Two 22-year-old twin siblings meet, 11 years after their parents’ mysterious disappearance. Their goal is to reenact (playing the respective roles) a mystical ritual that, according to the boy (K) led to the parents’ transition to another dimension. The girl (R), while questioning K’s obsession, agrees to participate with the hope that the (certain according to her) failure of the reenactment will free her brother from the vicious circle of his obsession.
However, when the time for the reenactment of that fateful evening of yore comes, the two "parents" have an idea: to consider their 11-year-old children who, eleven years later (in their 22) will be bolted into their parents’ bedroom in an attempt to make sense out of their disappearance. A game with Russian dolls has launched – one that will very quickly subdue every fact and every truth.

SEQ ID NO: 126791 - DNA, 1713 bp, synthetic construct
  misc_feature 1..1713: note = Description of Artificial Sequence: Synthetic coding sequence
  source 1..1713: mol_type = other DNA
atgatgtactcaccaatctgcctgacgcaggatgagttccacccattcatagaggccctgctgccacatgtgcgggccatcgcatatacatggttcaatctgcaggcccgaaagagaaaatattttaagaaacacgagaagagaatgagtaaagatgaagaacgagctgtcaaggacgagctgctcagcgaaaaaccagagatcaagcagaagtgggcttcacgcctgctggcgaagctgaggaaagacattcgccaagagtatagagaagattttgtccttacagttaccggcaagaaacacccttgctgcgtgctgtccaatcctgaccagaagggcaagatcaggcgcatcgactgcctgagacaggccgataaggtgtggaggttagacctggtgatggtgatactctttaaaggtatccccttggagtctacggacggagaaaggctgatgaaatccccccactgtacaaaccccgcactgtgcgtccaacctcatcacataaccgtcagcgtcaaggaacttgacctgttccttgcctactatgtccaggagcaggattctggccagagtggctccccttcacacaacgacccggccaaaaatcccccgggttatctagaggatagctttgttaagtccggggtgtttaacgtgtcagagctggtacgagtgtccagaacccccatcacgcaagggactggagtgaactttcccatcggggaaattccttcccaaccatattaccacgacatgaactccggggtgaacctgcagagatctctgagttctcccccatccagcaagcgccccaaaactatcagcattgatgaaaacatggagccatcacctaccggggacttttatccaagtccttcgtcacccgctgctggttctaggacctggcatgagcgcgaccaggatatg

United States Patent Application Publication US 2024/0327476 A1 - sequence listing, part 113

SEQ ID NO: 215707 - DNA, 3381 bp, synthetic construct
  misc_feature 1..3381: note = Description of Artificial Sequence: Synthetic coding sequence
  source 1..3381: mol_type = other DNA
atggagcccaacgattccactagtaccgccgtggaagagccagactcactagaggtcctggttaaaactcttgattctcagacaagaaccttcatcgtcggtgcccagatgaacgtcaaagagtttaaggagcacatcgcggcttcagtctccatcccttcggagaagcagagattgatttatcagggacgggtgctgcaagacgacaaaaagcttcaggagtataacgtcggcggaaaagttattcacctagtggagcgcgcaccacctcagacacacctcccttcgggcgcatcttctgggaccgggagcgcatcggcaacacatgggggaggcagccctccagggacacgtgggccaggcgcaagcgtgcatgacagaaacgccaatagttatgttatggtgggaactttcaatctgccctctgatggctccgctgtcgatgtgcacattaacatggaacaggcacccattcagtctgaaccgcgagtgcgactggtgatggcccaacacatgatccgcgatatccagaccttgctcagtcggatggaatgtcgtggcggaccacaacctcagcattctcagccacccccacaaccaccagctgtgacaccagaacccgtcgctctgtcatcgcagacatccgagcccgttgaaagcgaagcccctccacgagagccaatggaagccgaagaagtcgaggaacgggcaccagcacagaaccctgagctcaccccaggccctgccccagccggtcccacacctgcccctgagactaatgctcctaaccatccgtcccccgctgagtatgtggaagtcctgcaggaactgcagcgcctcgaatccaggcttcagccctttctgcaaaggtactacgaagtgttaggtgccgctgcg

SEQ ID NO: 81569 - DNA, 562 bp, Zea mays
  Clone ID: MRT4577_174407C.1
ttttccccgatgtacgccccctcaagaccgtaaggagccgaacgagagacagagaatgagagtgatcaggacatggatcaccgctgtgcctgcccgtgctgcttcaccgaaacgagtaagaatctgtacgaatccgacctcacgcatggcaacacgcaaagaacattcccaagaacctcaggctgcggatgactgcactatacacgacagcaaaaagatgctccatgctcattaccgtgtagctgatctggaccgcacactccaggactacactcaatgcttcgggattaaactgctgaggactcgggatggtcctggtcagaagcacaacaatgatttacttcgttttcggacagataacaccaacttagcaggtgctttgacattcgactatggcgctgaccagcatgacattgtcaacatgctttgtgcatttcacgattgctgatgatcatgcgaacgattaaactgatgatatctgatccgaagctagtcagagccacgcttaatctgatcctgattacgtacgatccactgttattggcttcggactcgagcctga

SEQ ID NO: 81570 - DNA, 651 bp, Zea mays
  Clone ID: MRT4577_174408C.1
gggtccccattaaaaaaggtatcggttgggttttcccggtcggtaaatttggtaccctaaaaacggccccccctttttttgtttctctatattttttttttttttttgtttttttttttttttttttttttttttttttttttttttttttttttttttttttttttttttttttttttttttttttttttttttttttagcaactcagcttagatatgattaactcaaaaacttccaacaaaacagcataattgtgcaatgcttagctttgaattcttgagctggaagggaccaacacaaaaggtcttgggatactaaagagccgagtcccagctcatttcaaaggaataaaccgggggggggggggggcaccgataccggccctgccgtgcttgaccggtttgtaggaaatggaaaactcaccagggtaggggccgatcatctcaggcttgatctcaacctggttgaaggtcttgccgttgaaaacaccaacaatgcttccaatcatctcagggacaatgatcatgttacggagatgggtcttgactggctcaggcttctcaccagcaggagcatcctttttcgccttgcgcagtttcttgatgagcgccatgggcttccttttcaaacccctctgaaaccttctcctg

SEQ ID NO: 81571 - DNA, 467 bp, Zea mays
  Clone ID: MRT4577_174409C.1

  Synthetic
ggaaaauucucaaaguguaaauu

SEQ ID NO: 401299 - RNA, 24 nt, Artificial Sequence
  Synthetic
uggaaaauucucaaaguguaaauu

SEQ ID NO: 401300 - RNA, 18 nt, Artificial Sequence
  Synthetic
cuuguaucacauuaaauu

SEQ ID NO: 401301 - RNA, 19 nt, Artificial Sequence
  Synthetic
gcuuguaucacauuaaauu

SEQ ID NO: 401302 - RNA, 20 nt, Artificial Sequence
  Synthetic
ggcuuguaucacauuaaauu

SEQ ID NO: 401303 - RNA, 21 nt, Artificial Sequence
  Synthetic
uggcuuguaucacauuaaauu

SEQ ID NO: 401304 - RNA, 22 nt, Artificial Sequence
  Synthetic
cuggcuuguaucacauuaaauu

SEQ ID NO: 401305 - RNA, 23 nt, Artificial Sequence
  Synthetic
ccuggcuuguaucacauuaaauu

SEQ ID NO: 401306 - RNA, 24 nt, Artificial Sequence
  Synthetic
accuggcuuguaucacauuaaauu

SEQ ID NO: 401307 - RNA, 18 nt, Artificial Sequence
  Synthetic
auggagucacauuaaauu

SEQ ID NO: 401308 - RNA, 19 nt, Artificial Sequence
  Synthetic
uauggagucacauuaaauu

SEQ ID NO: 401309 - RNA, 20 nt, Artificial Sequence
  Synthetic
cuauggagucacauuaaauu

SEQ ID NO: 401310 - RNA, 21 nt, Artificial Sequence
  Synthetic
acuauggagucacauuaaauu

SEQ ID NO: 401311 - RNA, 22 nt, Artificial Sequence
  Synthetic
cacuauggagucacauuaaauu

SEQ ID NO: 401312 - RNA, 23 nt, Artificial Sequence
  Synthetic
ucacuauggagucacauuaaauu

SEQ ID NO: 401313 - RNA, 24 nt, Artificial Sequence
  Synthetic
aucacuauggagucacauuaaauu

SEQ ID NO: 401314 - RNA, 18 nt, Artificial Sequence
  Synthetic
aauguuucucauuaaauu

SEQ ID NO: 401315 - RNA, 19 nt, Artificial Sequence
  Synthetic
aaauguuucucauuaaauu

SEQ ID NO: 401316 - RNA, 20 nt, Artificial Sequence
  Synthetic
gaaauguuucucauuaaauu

A story about the agonizing search of love in the family. Or a story about two people who impersonate (or revoke?) two other people, who will in turn play their previous selves, and then their next selves – and this will continue perpetually, like the now-old torture of the messengers that had no Kings to serve.